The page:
IT is interesting that Angus Robertson's new wheeze has an objective of "in depth polling" ("Robertson heads new polling group in bud for Indyref2", The Herald, February 4). In a spirit of helpfulness, I would like to suggest a few in-depth questions he might like to ask the Scottish public, namely:

If leaving one union (the EU) is a Bad Thing, do you think leaving a longer-established and more economically valuable union (the UK) is a Good Thing?

Are you happy to have your salary, benefits and pensions to be paid in a different (as yet unknown but probably less valuable) currency if Scotland leaves the UK?

Do you support giving up our nuclear deterrent at a time when our enemies are developing new nuclear weapons?

And of course:

If politicians define that a referendum as Once In A Generation, should they honour that promise? And how long is a generation?

You're welcome, Angus.

Peter A Russell,

87 Munro Road, Jordanhill, Glasgow.

MICHAEL Settle reports on comments made by Professor John McLaren (The Herald, February 2) and I suggest Project Fear is alive and well. The headline is the best place to start – “Expert warns of £10bn loss if Scotland leaves UK”. Devoting almost half the article to this loss and to emphasise the point in case the reader does not quite get it, it is restated a further three times, also affording Willie Rennie two paragraphs of complete waffle to concur. Prof McLaren said it was “widely accepted that Scotland would be deprived of a net transfer in the region of £10 billion, from the rest of the UK” but omitted to say it was also widely disputed by other experts who do not agree with him. This was an opportunity missed to discuss the reasons why we have got into this situation over many decades under the control of Westminster while they reaped huge revenues from North Sea oil. The article goes on to say, somewhat confusingly, that this is in contrast to the UK leaving the EU “where the impact was likely to be small but positive” but slips in that the longer term would be negative.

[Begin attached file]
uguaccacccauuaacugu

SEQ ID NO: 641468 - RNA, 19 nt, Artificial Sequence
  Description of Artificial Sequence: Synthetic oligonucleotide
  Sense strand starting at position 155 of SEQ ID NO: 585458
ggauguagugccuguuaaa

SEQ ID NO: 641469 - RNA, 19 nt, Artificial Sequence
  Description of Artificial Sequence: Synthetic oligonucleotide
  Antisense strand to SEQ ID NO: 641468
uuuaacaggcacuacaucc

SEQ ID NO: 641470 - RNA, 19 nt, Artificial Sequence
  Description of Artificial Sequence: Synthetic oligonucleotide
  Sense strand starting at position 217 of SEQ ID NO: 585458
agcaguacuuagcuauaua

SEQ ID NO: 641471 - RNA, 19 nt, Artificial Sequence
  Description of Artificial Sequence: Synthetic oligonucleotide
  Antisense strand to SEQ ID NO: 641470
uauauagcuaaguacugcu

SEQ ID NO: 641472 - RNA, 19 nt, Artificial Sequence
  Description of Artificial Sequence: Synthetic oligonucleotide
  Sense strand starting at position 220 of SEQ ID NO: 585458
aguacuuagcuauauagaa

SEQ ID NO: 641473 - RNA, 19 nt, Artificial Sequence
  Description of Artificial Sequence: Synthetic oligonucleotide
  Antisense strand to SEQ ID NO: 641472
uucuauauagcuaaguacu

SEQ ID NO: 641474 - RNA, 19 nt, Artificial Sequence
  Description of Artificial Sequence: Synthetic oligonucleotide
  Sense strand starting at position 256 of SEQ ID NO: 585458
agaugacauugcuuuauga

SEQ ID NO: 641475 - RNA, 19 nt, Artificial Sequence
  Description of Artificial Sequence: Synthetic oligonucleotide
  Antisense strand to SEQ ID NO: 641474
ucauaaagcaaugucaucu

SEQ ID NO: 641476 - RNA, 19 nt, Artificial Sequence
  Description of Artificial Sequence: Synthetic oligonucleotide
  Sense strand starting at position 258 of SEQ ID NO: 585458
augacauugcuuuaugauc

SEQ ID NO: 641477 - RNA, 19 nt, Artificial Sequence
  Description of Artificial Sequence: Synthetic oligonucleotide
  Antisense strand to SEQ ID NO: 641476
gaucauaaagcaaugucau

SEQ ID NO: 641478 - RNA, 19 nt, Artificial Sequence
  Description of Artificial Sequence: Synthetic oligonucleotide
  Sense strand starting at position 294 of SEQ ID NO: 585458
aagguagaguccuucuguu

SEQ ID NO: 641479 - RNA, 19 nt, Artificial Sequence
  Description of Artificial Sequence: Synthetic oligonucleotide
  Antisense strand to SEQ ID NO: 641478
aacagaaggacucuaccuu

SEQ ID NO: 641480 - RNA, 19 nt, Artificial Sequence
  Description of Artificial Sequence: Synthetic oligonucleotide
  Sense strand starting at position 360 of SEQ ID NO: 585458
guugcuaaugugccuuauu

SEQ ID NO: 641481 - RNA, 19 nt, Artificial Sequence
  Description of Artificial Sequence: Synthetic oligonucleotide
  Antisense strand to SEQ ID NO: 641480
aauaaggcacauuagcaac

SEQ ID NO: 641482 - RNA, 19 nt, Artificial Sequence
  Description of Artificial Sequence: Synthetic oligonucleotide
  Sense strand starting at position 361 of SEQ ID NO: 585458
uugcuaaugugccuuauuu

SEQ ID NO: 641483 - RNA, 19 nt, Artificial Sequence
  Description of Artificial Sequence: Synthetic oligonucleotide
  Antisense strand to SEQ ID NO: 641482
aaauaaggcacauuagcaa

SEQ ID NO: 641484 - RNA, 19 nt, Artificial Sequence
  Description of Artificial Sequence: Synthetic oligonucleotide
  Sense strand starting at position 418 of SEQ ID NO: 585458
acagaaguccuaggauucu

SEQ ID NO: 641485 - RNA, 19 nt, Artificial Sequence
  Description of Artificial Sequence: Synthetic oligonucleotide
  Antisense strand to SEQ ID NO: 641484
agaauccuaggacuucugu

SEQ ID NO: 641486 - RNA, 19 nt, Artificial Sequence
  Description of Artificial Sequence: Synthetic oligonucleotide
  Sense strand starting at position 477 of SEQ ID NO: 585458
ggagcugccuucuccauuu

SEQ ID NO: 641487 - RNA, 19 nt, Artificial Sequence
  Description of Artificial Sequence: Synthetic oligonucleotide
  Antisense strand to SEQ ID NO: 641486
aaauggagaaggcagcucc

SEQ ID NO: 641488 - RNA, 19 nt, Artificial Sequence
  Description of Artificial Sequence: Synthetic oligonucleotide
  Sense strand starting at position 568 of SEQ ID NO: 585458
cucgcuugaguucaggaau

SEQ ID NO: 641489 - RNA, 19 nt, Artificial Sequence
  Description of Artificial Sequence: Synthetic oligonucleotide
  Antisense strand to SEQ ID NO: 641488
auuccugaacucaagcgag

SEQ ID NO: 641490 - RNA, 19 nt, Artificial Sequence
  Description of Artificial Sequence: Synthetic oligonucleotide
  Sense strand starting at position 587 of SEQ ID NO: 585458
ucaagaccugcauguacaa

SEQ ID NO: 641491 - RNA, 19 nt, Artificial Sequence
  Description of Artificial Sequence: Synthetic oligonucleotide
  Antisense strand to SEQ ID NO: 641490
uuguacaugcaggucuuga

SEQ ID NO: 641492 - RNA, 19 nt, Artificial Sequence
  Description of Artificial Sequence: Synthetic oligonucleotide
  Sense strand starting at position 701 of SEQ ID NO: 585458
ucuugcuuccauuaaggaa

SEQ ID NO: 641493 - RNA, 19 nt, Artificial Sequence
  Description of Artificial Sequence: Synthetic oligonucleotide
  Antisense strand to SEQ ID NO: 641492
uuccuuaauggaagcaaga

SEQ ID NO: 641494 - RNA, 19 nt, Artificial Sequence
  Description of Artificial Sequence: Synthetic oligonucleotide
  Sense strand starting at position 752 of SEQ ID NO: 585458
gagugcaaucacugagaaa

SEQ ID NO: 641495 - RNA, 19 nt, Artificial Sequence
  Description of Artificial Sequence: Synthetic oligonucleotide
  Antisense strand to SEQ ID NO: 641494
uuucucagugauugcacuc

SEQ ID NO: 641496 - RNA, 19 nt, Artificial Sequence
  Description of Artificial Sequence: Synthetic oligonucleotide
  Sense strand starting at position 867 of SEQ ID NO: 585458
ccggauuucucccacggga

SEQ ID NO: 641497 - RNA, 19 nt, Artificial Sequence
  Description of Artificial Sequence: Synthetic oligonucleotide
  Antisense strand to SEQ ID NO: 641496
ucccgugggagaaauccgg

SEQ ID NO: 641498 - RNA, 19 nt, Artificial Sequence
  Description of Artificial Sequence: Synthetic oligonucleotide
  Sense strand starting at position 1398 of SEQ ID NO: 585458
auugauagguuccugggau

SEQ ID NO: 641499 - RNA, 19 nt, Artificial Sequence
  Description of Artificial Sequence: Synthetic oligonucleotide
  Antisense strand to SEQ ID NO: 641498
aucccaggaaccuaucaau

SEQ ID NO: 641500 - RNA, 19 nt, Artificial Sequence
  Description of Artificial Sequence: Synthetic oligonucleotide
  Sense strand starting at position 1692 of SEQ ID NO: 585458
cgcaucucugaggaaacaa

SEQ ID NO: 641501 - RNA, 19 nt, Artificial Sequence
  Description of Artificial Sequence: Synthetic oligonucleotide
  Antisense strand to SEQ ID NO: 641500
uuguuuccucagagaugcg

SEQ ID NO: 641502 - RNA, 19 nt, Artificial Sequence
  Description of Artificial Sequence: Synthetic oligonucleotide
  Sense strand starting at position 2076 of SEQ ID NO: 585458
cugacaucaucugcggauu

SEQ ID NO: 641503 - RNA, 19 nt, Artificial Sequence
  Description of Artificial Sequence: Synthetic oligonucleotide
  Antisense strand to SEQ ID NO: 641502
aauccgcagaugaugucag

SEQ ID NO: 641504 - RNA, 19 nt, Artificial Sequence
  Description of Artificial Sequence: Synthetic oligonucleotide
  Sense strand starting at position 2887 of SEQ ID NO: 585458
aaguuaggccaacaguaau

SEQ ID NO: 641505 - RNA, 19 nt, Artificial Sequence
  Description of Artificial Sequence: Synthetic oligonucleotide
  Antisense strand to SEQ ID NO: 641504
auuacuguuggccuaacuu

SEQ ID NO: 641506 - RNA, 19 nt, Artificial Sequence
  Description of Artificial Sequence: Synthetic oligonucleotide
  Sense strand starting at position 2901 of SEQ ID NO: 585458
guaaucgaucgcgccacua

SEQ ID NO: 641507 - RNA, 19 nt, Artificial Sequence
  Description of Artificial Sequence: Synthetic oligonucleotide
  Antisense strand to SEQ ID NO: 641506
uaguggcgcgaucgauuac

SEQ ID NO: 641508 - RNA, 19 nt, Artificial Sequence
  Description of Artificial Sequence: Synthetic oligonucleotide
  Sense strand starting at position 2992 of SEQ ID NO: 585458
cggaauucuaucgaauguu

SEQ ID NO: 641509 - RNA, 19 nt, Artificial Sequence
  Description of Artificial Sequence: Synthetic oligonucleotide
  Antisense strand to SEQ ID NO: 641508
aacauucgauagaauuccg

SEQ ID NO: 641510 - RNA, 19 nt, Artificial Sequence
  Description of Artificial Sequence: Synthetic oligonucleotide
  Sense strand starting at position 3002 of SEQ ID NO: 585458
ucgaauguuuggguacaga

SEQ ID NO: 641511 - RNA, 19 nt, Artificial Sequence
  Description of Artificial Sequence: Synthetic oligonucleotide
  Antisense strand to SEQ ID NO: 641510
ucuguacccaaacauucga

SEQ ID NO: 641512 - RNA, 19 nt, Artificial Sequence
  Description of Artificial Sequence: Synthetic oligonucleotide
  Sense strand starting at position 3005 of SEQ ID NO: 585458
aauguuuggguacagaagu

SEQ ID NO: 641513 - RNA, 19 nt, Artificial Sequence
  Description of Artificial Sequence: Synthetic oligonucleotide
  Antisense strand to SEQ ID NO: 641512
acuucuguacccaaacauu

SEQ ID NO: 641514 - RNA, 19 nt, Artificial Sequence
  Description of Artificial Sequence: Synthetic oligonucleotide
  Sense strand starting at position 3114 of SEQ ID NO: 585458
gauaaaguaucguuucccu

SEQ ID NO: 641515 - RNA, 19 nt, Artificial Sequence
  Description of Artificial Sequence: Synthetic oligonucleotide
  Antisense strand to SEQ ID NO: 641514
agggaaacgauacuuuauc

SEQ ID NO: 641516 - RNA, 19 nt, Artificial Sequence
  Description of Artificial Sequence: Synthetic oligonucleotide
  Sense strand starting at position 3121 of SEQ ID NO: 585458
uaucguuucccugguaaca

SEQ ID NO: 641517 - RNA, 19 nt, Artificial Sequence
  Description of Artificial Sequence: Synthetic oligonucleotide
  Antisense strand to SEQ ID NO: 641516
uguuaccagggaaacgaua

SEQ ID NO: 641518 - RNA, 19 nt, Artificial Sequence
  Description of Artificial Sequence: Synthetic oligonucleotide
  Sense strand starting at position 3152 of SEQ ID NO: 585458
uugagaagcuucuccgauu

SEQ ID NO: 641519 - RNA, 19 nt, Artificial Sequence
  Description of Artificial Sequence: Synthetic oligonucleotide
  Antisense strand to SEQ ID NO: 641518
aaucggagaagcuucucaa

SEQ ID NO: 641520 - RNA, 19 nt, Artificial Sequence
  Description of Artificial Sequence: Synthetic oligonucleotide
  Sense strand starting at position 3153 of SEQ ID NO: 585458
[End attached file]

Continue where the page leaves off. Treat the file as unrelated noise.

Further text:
Prof McLaren went on to say if Scotland voted to be independent there could be a “plethora of options” which I believe is an interesting topic and is seldom discussed. One option suggested by him was a “British Union”, worth consideration but the wrong name, and I think this has some merit as it might allow for a degree of continuity with the rest of the UK where we have common endeavour and mutual interest and it would remove many of the barriers that caused voters to vote No in 2014 – indeed it could be just the safety net they seek. It is a stage on from devo max which was never on the table but did seem popular. For this to work, Scotland would firstly have to vote for complete independence as a sovereign state with no strings attached and then choose from previously discussed options laid out on the table. At a stroke we would be an equal partner with the rest of the UK, something the Union of the Parliaments failed to secure in 1707 and has remained a running sore ever since.

Alan M Morris,

20 Kirkhouse Road, Blanefield.

WHEN Donald Trump came to Scotland, without a mention of politics, there was a huge campaign against him, prominently led by Ross Greer of the Greens. It cost Scottish taxpayers in excess of £3 million to protect the President. By contrast, Nicola Sturgeon has had no one demanding she should not be allowed into the United States nor has there been huge popular discontent despite her giving a highly political speech. The policing bill for Ms Sturgeon will be negligible.

The SNP/Green alliance want to project an image of Scotland being a welcoming country. The Americans are showing us how to do it. Courtesy.

Dr Gerald Edwards, Broom Road, Glasgow.

THE Labour Party has long championed progressive policies and democratic improvements, leading the way on issues including Lords reform and devolution. But when it comes to the foundation of our democracy – the UK’s voting system – the party has been slow to act. What is democratic and progressive about an unrepresentative voting system that stifles minority voices and amplifies the support of the largest political parties?

For Scottish Labour, without proportional representation the party would have almost no representation in the Scottish Parliament. In 2016, the party won just three first past-the-post seats, receiving its other 21 seats via the regional lists. Scottish Labour benefits directly from proportional representation. Surely now is the time for the party to support electoral reform at Westminster to make votes matter.

Richard Wood,

Cammo Grove, Edinburgh.